If music is the wordless expression of the human soul, then truly sacred music must be not only an aid to prayer, but prayer itself. Gregorian chant as the sung prayer of the Church is able to express the thoughts and feelings that are fundamental to prayer. Some attribute this to its haunting simplicity. For despite its occasional elaborate technique, there is never anything contrived or dramatic about chant to weary the listener.
Liturgy as sung prayer is the language of the heart. This language is not merely of an intellectual assent, but forms the sensibility and the very soul of worship. Gregorian chant expresses in a special way something of the timelessness of liturgy. The purity and contemplative aspect of chant help us reach out beyond our immediate conditions to the ineffable, the eternal, the mystery of divine beauty and truth.
GATES OF HOLINESS
Psalm 117 (118)
Since the Cistercian Order of the Strict Observance began to reform its liturgy in 1969, the daily Offices have had a two-week cycle of psalmody. As arranged at St. Joseph’s Abbey, Sunday Lauds has the same psalms each week, corresponding to Week II of the Roman Office, with seasonal variations. The monks of Spencer began celebrating the liturgy in English almost forty years ago. A variety of musical styles is currently in use, but traditional chant predominates in both the Divine Office and the Mass. The psalm tones of Lauds (Morning Prayer) are composed on a simple accentual principle to suit the varying rhythms of English cadences. And the Hallel Psalm (Ps. 150) is on the Gregorian sixth tone.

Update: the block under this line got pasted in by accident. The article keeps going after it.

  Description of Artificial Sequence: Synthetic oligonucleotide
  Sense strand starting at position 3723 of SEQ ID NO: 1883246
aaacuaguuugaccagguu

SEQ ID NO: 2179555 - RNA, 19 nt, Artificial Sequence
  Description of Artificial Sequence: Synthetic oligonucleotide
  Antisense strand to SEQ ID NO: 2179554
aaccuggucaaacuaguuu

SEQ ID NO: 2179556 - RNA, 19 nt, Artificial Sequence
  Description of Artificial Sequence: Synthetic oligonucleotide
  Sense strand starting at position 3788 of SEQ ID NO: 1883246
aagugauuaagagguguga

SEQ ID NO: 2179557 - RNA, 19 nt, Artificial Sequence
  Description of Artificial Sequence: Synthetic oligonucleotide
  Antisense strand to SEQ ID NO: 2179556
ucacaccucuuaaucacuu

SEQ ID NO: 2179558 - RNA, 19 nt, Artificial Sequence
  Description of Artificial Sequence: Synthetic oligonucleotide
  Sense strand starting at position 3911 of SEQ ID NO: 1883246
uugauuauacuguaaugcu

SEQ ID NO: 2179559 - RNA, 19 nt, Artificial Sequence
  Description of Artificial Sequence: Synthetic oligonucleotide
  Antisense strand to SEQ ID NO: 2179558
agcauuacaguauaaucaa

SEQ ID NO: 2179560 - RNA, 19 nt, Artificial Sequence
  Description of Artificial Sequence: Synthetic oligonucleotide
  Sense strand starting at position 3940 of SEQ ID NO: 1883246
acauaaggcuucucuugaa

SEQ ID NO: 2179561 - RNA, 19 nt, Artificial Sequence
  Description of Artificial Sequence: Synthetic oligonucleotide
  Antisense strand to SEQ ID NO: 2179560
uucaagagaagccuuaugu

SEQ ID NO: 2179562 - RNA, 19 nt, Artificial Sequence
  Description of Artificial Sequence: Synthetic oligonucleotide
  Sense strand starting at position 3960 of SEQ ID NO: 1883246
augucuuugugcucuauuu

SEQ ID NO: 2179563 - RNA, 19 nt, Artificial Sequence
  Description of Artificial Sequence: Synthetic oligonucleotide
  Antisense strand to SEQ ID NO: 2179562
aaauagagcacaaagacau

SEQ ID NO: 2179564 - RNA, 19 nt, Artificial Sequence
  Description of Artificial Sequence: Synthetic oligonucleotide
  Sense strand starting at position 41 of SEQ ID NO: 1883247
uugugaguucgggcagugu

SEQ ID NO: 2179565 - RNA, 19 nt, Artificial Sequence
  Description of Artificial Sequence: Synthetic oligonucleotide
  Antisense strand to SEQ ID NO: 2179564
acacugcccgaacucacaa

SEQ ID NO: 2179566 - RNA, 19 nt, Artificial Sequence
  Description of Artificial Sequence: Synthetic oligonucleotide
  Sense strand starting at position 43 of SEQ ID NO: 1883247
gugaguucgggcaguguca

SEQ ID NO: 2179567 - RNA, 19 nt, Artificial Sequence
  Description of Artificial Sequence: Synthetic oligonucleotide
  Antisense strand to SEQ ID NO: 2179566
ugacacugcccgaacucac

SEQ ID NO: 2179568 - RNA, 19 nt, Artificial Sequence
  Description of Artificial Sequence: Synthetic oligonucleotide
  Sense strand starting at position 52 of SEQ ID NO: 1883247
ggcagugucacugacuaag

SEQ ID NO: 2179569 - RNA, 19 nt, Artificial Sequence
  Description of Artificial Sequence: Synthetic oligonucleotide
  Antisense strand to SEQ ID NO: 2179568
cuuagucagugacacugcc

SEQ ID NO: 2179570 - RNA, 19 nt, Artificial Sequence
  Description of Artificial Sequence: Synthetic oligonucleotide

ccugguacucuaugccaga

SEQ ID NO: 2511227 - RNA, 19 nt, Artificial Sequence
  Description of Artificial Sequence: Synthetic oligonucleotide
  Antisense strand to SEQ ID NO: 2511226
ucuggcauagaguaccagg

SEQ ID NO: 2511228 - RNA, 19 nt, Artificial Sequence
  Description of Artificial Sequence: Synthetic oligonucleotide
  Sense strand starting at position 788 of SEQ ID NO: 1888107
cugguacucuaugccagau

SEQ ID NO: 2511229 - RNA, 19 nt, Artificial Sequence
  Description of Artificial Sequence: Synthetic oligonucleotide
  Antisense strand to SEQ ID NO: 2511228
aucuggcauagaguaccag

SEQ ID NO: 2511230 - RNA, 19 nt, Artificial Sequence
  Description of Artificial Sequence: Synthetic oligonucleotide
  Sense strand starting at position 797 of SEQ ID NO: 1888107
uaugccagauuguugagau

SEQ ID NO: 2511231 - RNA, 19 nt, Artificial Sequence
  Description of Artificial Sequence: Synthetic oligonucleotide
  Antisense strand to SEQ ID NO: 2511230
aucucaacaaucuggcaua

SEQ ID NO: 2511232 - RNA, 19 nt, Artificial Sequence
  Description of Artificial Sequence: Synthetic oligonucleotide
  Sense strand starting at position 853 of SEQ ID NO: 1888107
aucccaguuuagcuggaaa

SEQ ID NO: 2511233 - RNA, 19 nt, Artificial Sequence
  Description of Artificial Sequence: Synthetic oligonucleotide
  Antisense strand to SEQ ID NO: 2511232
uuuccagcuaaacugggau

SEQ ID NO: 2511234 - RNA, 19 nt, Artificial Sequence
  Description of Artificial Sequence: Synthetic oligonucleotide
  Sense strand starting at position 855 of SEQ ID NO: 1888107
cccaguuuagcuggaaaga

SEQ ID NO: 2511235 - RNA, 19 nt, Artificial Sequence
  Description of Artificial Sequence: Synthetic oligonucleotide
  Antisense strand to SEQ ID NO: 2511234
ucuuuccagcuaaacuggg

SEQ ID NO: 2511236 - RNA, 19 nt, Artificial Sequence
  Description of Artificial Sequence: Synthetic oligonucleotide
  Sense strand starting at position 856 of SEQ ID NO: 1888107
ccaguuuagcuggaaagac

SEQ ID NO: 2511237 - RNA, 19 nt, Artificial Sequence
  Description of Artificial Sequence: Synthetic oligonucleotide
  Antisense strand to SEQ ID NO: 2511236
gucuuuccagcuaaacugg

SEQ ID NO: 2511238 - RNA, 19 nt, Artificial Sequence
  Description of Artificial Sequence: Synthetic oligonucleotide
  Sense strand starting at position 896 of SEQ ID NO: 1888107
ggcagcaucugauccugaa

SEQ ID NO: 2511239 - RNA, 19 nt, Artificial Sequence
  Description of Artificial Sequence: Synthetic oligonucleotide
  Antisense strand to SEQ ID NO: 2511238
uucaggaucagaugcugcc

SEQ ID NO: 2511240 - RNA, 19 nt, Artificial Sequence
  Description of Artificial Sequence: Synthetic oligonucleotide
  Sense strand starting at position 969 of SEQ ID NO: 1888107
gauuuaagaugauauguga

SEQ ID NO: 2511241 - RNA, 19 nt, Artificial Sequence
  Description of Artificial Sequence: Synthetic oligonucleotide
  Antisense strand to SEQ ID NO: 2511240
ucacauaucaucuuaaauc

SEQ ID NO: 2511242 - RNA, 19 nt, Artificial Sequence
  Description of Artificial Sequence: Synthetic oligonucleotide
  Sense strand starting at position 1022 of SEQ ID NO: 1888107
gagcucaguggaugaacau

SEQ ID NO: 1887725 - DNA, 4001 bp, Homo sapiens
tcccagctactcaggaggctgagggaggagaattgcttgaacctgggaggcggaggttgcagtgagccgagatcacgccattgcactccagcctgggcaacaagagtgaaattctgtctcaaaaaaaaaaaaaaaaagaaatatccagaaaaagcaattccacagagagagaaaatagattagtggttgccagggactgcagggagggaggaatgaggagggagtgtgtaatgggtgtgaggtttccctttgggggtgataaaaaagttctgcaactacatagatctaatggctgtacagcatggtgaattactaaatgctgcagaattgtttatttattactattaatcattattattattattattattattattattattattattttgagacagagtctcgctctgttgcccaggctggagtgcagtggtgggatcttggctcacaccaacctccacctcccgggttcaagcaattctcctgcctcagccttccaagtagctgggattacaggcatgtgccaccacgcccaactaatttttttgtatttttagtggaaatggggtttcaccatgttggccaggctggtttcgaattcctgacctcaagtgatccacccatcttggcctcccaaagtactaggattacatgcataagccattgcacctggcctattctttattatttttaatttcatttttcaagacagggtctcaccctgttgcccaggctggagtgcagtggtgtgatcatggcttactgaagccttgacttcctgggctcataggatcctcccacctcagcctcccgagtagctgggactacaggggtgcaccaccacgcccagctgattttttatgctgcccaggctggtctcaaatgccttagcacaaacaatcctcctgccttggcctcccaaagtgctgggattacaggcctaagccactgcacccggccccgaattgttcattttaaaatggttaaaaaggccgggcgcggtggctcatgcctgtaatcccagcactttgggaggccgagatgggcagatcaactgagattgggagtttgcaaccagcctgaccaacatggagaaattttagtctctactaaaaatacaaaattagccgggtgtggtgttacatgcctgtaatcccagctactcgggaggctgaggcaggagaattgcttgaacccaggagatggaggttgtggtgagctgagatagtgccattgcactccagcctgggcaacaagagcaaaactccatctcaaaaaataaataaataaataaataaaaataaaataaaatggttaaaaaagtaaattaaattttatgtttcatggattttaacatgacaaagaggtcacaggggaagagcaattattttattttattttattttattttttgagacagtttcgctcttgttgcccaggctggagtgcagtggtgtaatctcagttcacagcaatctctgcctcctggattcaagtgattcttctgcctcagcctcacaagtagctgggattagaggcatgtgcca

Antiphon-Tota pulchra es Maria Mode 2
The Vespers hymn to the Blessed Virgin Mary, O Quam Glorifica, was recorded by the schola of St. Joseph’s Abbey in the 1950’s.
1. O how resplendent with glorious light,
royal offspring of David’s line,
O Virgin Mary, enthroned on high
high above all the citizens of heaven.
2. You, a mother with virginal honor,
your heart’s sanctuary being chaste became
the court for the Lord of the angels
thence was born Christ, God in the flesh:
3. He whom all the whole world adores with veneration,
to whom now every knee rightly bends;
with your help we implore from Him the joys of light,
with all darkness dispelled.
4. Grant this, O Father of all light, in the name
of your own Son, in the Holy Spirit,
who lives with you in the shining heavens,
ruling and governing all the ages. Amen.
Gradual-Omnes De Saba Mode 5
The Biblical theme of Jerusalem, the holy city of God, is one of the several motifs running through the Old and New Testaments. Connected in its beginnings with the historical city of David, it was to find its culmination in St. John’s vision of “the new Jerusalem coming down out of heaven from God, prepared as a bride for her husband,” (Rev. 21.2)
Laetare Jerusalem is the introit for the Fourth Sunday of Lent taken from Isaiah 66.10, 11. Looking forward to her Paschal joy, the Church invites her children, the children of the new Jerusalem, to rejoice in anticipation of the consolation of Easter. This introit was recorded by the schola of St. Joseph’s Abbey in the 1950’s.